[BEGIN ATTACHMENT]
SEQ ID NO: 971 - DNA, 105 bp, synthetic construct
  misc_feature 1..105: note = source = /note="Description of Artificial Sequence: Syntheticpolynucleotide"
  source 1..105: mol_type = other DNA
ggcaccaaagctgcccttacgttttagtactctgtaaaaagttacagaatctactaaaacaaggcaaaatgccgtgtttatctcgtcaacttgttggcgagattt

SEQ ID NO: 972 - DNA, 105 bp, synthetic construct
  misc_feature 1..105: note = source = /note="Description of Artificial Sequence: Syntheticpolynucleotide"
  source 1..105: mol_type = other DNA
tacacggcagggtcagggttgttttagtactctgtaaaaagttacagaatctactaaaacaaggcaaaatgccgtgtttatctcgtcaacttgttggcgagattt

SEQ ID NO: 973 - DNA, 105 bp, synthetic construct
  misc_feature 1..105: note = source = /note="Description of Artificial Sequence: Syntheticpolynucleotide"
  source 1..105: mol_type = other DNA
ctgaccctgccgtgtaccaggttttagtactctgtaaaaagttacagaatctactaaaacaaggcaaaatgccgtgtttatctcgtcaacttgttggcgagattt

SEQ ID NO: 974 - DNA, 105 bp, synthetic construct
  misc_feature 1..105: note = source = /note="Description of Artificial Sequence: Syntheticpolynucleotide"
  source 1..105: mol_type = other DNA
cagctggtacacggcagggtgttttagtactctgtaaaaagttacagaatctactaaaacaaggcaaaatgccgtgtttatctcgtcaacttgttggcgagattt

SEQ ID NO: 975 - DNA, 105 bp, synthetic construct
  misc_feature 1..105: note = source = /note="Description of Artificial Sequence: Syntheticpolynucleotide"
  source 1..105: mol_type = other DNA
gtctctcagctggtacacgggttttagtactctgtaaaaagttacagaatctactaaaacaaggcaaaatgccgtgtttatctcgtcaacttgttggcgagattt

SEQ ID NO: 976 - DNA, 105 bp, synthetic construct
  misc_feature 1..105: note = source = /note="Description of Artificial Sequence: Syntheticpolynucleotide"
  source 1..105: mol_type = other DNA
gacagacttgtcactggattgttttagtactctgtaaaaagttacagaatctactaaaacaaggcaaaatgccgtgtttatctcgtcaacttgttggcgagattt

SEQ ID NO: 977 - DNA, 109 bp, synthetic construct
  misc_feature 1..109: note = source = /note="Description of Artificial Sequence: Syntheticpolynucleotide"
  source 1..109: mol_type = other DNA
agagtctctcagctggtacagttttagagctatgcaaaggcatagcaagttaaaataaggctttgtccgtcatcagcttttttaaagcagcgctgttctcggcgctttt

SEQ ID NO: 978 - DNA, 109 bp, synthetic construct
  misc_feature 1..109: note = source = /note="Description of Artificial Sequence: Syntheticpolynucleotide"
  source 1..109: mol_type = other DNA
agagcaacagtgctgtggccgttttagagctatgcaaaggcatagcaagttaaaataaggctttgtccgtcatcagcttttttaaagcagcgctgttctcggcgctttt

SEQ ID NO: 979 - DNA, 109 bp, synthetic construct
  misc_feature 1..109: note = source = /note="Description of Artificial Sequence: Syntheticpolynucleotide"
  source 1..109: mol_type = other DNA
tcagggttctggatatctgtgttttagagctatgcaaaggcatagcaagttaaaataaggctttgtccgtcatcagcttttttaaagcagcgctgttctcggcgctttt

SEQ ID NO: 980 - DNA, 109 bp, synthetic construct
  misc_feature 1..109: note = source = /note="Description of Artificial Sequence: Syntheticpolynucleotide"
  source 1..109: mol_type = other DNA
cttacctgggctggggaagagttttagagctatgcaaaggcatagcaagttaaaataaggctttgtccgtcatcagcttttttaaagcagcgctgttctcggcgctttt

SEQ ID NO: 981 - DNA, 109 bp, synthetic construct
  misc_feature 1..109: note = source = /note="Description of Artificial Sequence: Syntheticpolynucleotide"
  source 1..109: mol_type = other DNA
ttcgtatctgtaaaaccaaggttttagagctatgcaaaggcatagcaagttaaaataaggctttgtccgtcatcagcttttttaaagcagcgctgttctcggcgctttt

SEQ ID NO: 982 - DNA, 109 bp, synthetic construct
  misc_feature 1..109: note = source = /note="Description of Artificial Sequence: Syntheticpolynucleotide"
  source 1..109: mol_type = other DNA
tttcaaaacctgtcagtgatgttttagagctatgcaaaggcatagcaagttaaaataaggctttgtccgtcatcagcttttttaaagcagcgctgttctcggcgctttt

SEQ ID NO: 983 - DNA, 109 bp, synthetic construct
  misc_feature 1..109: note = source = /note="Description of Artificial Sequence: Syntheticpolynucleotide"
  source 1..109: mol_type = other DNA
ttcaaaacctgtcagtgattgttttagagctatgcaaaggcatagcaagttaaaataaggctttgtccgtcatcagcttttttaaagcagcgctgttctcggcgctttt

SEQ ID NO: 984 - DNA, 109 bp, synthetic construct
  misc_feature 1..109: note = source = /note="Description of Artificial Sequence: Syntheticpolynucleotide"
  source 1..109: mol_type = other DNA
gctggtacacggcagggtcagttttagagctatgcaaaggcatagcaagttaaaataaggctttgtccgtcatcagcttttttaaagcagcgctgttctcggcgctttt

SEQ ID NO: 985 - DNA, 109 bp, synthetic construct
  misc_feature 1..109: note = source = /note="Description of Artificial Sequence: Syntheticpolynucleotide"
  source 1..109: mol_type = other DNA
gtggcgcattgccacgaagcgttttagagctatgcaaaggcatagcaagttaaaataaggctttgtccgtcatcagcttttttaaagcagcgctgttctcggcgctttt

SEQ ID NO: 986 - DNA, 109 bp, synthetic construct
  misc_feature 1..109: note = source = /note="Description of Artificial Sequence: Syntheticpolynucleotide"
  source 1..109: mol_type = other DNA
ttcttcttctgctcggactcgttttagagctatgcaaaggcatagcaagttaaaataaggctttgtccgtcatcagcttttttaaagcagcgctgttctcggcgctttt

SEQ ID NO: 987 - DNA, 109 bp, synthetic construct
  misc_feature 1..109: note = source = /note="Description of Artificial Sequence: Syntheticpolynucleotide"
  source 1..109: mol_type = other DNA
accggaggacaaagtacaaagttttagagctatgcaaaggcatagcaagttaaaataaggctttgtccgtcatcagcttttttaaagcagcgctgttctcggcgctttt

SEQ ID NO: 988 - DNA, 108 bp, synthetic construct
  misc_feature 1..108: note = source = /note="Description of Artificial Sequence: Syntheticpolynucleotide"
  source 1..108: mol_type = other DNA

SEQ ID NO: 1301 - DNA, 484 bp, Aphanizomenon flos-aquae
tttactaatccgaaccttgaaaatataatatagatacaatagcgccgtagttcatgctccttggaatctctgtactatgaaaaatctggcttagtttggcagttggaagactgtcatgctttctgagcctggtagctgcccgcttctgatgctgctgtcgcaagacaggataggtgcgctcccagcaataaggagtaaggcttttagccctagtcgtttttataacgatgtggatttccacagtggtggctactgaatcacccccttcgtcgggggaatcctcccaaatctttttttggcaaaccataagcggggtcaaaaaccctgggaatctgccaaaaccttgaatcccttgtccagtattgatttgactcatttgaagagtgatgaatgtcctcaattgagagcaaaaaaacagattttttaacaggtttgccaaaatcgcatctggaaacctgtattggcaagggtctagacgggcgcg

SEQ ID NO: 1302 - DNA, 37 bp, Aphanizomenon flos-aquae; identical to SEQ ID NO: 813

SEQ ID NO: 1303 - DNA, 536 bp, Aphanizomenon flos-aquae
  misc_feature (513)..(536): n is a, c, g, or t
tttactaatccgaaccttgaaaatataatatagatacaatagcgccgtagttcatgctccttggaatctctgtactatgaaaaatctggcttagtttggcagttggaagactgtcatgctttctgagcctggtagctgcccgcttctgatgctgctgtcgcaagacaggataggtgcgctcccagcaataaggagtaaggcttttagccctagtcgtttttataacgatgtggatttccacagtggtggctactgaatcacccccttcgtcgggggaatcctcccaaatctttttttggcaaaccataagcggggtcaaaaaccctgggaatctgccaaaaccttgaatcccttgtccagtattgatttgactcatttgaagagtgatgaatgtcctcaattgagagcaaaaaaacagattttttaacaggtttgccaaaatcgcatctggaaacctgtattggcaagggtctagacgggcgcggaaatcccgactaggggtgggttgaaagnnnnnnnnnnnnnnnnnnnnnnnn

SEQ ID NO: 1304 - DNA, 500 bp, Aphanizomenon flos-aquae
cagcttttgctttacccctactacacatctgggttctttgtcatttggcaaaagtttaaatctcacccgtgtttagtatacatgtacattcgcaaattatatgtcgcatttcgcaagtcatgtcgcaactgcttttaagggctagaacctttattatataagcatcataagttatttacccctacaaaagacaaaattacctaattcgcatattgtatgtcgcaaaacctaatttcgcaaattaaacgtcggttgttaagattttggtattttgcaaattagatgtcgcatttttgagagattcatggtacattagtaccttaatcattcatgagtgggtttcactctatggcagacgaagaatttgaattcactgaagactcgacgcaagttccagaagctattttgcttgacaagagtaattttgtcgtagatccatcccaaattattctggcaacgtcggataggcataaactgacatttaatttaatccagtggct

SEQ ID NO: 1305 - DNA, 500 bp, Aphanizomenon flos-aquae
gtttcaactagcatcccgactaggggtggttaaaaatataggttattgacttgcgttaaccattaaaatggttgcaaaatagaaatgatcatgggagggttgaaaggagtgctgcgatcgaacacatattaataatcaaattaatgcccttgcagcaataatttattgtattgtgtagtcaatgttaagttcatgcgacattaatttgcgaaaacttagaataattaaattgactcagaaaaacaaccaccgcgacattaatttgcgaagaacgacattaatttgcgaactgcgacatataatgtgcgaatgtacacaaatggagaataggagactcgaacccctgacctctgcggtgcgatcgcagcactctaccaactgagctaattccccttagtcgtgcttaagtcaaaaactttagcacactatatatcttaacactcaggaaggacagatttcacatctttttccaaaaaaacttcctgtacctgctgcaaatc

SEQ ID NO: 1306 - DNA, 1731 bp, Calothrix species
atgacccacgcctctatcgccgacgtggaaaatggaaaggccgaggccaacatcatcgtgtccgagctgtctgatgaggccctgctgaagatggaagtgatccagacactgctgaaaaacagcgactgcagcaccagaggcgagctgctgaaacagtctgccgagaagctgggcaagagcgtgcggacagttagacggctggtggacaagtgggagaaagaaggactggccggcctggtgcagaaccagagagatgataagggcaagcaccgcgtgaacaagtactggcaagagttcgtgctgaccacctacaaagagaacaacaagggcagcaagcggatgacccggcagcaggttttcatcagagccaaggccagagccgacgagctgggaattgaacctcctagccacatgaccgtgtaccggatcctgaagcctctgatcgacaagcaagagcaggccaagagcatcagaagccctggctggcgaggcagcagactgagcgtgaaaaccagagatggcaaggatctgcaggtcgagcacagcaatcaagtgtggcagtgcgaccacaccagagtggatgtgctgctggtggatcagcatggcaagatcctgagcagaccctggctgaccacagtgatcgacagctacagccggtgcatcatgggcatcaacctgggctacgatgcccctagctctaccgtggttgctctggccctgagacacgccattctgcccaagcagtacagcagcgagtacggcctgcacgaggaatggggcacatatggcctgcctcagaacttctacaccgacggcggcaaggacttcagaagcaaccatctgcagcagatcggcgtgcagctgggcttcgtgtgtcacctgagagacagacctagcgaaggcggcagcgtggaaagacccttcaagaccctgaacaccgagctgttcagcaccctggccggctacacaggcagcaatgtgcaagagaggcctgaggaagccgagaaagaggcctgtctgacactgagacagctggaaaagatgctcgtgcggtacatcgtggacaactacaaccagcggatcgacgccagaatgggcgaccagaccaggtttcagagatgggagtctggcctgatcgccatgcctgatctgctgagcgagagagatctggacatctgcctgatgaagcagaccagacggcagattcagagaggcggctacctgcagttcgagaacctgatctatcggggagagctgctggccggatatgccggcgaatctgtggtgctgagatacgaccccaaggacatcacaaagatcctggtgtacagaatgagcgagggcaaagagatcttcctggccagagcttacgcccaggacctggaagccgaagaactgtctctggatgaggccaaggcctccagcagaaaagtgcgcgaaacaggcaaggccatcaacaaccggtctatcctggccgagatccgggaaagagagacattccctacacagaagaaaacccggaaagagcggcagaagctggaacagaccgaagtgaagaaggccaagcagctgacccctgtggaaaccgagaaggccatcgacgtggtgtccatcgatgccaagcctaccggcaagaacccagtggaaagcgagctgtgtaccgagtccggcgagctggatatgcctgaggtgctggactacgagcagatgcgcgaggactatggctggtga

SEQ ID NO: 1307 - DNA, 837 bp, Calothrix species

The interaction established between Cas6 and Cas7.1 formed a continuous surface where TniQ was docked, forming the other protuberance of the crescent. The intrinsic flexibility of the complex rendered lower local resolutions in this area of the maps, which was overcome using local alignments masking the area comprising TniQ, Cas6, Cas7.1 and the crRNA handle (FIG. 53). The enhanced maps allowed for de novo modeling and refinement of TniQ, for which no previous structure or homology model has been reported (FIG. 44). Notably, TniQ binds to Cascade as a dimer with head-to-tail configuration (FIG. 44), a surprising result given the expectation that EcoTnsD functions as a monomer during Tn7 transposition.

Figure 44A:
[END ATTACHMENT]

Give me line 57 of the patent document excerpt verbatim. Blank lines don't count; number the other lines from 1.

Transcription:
SEQ ID NO: 985 - DNA, 109 bp, synthetic construct